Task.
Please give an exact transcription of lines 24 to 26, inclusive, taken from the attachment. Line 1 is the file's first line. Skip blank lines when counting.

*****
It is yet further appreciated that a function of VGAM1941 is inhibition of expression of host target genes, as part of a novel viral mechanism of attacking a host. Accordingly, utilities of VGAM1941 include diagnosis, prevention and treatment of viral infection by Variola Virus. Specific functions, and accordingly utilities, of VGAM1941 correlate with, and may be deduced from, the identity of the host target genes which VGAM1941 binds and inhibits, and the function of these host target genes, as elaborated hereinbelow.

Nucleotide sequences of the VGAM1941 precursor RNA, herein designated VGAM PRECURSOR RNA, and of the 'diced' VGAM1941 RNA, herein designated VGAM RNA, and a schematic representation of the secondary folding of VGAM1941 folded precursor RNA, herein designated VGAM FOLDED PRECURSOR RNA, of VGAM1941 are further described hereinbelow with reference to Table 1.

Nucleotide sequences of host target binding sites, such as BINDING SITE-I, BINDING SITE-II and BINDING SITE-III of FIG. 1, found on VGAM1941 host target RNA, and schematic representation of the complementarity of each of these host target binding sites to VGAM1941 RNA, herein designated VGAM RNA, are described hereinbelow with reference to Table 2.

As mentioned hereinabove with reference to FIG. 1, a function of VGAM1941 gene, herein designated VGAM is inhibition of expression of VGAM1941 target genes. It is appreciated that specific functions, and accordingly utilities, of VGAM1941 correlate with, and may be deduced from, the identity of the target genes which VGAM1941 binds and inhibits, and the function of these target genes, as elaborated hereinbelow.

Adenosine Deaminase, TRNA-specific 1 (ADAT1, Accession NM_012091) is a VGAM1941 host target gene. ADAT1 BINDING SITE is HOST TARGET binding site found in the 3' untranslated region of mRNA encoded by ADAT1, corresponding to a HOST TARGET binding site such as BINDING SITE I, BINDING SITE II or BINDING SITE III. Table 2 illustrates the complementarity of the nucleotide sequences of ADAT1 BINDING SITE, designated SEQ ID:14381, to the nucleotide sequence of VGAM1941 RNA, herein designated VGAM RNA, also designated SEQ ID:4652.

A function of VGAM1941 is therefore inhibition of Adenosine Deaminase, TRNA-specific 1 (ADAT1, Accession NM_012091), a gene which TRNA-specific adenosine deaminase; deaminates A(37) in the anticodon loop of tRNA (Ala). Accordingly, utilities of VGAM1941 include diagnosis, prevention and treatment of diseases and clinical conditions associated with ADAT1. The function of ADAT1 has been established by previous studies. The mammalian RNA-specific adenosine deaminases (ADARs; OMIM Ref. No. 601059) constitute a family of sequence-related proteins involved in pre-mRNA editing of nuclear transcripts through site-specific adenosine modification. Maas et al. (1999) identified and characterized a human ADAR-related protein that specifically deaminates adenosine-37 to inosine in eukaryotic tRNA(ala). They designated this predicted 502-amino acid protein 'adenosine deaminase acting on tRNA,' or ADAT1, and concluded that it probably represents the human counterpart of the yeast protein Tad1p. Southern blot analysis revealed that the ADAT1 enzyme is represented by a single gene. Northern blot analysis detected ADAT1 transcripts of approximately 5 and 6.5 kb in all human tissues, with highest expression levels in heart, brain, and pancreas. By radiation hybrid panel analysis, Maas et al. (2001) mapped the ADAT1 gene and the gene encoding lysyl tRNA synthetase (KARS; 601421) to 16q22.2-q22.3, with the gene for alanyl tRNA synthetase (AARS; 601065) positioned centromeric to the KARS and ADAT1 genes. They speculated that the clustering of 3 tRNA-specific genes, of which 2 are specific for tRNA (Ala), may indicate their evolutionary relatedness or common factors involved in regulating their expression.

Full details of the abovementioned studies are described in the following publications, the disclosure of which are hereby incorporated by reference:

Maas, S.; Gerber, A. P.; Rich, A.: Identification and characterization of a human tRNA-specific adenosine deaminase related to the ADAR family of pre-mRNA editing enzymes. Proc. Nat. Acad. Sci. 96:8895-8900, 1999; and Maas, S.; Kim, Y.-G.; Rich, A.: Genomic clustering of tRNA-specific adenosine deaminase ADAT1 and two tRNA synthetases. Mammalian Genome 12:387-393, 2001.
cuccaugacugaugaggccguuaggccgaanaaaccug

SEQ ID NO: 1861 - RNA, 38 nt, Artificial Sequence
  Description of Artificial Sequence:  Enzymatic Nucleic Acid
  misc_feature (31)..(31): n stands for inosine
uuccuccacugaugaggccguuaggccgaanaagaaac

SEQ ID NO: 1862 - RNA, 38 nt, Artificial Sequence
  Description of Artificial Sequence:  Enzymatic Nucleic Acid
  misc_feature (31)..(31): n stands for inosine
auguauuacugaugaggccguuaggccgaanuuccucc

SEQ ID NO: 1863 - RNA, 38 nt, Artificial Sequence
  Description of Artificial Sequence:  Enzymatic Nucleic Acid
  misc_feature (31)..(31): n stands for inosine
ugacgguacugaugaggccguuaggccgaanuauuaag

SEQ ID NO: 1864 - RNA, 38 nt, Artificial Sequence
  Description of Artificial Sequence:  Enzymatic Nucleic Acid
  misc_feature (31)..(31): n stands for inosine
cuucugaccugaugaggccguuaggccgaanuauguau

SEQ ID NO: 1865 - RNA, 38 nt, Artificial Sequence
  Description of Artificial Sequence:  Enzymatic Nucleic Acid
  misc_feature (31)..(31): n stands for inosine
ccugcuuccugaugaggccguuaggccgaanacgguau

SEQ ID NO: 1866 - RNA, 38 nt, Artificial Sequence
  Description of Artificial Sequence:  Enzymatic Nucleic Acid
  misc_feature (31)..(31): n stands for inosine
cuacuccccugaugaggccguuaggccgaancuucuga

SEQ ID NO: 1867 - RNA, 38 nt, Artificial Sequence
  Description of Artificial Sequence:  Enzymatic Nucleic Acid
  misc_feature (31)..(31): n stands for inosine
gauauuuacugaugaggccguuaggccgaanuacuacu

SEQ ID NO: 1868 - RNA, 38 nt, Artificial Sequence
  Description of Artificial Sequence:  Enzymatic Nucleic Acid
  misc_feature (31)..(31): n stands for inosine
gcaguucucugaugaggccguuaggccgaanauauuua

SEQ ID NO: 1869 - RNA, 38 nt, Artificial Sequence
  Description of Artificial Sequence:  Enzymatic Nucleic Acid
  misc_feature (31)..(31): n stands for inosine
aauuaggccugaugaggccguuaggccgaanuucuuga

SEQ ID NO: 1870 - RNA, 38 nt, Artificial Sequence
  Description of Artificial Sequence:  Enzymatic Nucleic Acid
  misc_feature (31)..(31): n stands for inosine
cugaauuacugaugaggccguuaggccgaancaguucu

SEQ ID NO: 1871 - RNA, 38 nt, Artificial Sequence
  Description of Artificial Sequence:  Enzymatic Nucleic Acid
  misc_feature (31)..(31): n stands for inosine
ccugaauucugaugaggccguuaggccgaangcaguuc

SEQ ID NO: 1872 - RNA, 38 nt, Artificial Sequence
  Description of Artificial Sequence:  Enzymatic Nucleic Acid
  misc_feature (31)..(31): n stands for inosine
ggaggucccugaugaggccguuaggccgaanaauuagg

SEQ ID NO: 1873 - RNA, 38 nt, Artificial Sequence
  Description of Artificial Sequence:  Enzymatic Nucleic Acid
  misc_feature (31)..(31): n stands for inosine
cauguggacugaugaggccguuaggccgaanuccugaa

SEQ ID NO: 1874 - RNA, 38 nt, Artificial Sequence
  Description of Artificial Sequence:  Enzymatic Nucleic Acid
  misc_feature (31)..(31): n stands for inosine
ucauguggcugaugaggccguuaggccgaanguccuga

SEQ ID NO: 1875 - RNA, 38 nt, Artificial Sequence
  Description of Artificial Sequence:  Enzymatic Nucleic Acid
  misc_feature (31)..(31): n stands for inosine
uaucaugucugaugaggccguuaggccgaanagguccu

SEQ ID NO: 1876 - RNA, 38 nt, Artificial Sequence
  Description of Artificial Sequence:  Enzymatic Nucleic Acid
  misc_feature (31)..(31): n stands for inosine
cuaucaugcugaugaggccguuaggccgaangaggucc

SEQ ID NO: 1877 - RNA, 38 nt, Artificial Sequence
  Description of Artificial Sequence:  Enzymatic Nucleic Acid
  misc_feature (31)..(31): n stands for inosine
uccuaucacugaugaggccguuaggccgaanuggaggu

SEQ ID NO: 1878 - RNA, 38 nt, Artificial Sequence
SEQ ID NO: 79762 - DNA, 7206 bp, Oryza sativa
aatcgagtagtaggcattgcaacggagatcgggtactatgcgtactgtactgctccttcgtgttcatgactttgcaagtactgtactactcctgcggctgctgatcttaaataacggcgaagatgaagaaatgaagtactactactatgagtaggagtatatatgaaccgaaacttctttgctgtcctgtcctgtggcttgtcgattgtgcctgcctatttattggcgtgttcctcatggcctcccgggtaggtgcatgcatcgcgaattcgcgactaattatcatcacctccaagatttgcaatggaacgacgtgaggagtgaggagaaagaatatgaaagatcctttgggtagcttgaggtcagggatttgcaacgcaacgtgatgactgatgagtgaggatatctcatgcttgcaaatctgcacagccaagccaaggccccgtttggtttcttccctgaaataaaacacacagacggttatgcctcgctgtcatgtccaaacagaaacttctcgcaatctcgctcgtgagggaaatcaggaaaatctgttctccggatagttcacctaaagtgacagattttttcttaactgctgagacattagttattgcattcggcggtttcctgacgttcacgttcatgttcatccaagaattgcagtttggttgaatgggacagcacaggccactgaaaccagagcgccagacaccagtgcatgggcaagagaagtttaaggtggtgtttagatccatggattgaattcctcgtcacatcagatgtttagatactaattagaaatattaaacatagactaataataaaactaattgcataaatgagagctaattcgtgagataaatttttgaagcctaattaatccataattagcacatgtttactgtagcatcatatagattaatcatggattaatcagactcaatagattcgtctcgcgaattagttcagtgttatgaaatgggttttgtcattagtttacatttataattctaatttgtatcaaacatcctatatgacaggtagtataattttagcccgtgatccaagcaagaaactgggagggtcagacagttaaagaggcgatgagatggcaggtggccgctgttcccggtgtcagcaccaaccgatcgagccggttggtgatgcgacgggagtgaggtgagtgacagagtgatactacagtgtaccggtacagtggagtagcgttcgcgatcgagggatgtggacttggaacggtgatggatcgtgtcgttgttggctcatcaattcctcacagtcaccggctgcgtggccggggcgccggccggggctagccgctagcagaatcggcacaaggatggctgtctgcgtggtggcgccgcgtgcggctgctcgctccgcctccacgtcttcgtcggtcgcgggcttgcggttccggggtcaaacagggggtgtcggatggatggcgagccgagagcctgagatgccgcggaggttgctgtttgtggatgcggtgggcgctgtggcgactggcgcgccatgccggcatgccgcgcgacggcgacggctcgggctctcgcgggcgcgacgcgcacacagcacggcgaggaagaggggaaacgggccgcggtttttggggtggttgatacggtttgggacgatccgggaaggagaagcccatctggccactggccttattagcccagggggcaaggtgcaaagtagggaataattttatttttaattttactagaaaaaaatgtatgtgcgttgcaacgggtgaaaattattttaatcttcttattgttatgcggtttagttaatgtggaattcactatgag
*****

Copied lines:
  misc_feature (31)..(31): n stands for inosine
cuucugaccugaugaggccguuaggccgaanuauguau

SEQ ID NO: 1865 - RNA, 38 nt, Artificial Sequence